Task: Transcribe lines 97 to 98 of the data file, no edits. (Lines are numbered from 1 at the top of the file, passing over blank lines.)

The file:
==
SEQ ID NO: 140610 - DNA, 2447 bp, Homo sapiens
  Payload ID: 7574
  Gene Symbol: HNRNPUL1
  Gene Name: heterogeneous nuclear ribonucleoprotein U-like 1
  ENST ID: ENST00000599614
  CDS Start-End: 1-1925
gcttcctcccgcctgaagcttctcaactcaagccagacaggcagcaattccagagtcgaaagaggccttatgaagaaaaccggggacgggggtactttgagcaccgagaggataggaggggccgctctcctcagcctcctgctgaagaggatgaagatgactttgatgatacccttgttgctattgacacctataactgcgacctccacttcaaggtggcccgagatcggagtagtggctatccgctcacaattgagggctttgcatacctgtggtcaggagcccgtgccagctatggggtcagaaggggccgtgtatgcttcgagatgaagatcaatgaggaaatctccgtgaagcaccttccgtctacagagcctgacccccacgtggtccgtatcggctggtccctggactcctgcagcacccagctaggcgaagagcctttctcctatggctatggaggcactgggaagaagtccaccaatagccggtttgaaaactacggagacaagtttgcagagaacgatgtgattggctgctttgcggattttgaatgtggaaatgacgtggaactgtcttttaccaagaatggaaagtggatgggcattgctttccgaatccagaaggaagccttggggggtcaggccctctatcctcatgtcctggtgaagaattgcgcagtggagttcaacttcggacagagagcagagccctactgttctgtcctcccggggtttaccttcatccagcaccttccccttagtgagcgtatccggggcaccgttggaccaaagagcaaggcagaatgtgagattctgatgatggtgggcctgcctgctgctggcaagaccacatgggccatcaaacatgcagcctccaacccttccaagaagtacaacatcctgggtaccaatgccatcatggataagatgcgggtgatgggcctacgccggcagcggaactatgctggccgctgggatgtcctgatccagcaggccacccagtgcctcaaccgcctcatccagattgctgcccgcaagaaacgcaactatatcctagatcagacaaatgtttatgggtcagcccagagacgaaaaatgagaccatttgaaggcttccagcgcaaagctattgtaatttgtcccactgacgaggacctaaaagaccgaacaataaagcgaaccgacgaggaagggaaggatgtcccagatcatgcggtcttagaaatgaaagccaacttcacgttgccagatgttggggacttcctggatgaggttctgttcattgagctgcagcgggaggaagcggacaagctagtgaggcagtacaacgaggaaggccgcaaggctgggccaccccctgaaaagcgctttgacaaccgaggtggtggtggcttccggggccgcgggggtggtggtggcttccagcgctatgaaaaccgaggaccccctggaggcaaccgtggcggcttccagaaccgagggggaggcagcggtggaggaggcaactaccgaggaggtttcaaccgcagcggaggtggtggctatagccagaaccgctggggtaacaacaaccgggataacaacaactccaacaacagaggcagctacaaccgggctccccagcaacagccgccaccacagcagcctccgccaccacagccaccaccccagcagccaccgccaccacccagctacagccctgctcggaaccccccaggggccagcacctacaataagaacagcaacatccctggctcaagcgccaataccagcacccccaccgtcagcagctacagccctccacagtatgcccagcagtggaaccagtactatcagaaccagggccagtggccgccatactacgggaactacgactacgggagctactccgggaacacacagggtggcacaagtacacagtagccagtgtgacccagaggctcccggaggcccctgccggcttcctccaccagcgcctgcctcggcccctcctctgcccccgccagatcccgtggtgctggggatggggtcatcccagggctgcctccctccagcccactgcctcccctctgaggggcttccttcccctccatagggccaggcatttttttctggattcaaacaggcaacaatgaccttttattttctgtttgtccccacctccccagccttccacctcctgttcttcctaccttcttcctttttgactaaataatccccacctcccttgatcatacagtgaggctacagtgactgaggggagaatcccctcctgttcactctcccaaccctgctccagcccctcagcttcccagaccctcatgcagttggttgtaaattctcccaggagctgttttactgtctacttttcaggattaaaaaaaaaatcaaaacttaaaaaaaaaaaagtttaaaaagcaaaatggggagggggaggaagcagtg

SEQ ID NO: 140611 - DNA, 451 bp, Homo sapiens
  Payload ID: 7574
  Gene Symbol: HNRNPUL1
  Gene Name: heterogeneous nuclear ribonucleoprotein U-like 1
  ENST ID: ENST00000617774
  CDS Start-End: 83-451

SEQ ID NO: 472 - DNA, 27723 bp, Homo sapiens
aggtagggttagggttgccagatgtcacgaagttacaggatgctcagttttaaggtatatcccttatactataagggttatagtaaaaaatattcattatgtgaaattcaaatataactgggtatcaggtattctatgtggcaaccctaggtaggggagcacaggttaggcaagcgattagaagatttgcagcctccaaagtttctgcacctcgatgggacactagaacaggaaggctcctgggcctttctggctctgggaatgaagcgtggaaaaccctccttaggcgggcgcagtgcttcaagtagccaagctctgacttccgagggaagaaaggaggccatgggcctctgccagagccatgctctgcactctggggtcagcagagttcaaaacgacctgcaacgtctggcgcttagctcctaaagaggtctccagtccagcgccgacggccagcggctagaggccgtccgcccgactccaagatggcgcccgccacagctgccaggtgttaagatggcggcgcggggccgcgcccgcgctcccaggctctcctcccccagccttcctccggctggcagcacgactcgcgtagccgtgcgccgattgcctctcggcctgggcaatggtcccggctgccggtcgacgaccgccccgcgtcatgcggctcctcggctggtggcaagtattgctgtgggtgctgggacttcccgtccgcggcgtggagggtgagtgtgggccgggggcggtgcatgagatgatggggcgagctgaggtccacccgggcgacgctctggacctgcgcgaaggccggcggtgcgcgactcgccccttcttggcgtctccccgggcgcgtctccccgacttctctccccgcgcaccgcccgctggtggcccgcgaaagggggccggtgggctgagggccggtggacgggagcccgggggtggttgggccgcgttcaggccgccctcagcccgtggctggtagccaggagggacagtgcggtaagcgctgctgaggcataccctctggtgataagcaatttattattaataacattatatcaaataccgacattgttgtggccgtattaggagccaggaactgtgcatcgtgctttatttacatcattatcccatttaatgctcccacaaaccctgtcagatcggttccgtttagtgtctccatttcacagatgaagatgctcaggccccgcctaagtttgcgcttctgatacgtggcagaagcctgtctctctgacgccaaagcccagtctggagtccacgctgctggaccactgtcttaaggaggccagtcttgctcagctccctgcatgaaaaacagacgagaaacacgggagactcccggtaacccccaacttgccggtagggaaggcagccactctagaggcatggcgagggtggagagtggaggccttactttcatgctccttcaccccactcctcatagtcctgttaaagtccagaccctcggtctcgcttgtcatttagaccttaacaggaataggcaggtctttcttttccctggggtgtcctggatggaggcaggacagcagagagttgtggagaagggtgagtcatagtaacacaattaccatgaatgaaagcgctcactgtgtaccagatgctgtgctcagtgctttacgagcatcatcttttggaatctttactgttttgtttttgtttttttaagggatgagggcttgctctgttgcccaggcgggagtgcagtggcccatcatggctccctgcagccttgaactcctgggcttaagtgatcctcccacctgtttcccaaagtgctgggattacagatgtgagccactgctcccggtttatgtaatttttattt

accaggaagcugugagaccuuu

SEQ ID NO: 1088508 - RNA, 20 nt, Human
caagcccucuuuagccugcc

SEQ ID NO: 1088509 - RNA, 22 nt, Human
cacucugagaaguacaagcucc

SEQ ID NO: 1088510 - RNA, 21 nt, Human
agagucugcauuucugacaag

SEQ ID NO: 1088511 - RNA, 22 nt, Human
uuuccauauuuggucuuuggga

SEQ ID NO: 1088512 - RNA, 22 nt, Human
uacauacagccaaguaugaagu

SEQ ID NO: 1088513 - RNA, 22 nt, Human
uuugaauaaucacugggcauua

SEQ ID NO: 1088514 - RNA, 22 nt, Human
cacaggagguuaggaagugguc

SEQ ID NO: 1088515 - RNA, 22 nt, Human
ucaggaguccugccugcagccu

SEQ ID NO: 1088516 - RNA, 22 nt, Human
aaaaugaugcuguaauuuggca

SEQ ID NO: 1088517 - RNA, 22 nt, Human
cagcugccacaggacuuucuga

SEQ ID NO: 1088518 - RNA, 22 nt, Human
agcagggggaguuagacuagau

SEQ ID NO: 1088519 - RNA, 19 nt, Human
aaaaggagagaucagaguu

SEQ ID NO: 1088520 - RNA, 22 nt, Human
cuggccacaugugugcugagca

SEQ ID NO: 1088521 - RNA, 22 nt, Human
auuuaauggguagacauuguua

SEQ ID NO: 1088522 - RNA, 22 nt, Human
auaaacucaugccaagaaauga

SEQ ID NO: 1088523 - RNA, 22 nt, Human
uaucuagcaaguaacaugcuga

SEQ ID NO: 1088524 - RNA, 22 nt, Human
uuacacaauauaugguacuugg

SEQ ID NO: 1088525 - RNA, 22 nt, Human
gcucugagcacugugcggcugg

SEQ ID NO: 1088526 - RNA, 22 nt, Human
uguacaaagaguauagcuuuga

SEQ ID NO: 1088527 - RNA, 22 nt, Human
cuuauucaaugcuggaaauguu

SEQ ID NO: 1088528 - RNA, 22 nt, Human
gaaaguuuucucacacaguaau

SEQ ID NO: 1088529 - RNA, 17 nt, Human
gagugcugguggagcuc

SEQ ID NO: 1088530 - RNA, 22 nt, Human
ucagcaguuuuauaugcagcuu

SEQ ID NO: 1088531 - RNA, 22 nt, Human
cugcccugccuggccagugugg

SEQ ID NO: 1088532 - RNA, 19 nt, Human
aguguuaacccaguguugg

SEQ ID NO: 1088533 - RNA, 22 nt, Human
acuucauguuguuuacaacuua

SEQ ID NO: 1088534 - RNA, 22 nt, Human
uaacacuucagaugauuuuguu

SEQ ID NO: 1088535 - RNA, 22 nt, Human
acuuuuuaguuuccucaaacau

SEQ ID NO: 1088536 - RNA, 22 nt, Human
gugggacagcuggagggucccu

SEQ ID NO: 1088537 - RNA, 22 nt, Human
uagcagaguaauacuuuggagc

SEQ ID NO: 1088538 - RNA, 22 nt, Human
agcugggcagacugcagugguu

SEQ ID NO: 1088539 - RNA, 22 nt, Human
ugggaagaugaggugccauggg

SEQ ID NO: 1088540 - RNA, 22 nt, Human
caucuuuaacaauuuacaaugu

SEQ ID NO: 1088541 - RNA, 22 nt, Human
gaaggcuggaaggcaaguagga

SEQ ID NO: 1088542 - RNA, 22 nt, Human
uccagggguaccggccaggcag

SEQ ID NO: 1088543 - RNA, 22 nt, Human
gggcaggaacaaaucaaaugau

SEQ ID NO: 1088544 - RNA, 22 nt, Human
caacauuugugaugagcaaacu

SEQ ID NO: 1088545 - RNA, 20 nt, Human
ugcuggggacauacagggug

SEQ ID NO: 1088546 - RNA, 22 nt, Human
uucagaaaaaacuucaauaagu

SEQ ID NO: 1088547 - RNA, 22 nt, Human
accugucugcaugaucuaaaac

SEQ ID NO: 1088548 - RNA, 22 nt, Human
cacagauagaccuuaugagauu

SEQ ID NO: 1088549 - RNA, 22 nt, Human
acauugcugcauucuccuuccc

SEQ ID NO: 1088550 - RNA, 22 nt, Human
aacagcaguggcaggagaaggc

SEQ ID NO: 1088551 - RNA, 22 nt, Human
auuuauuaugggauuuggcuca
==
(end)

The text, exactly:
SEQ ID NO: 1088548 - RNA, 22 nt, Human
cacagauagaccuuaugagauu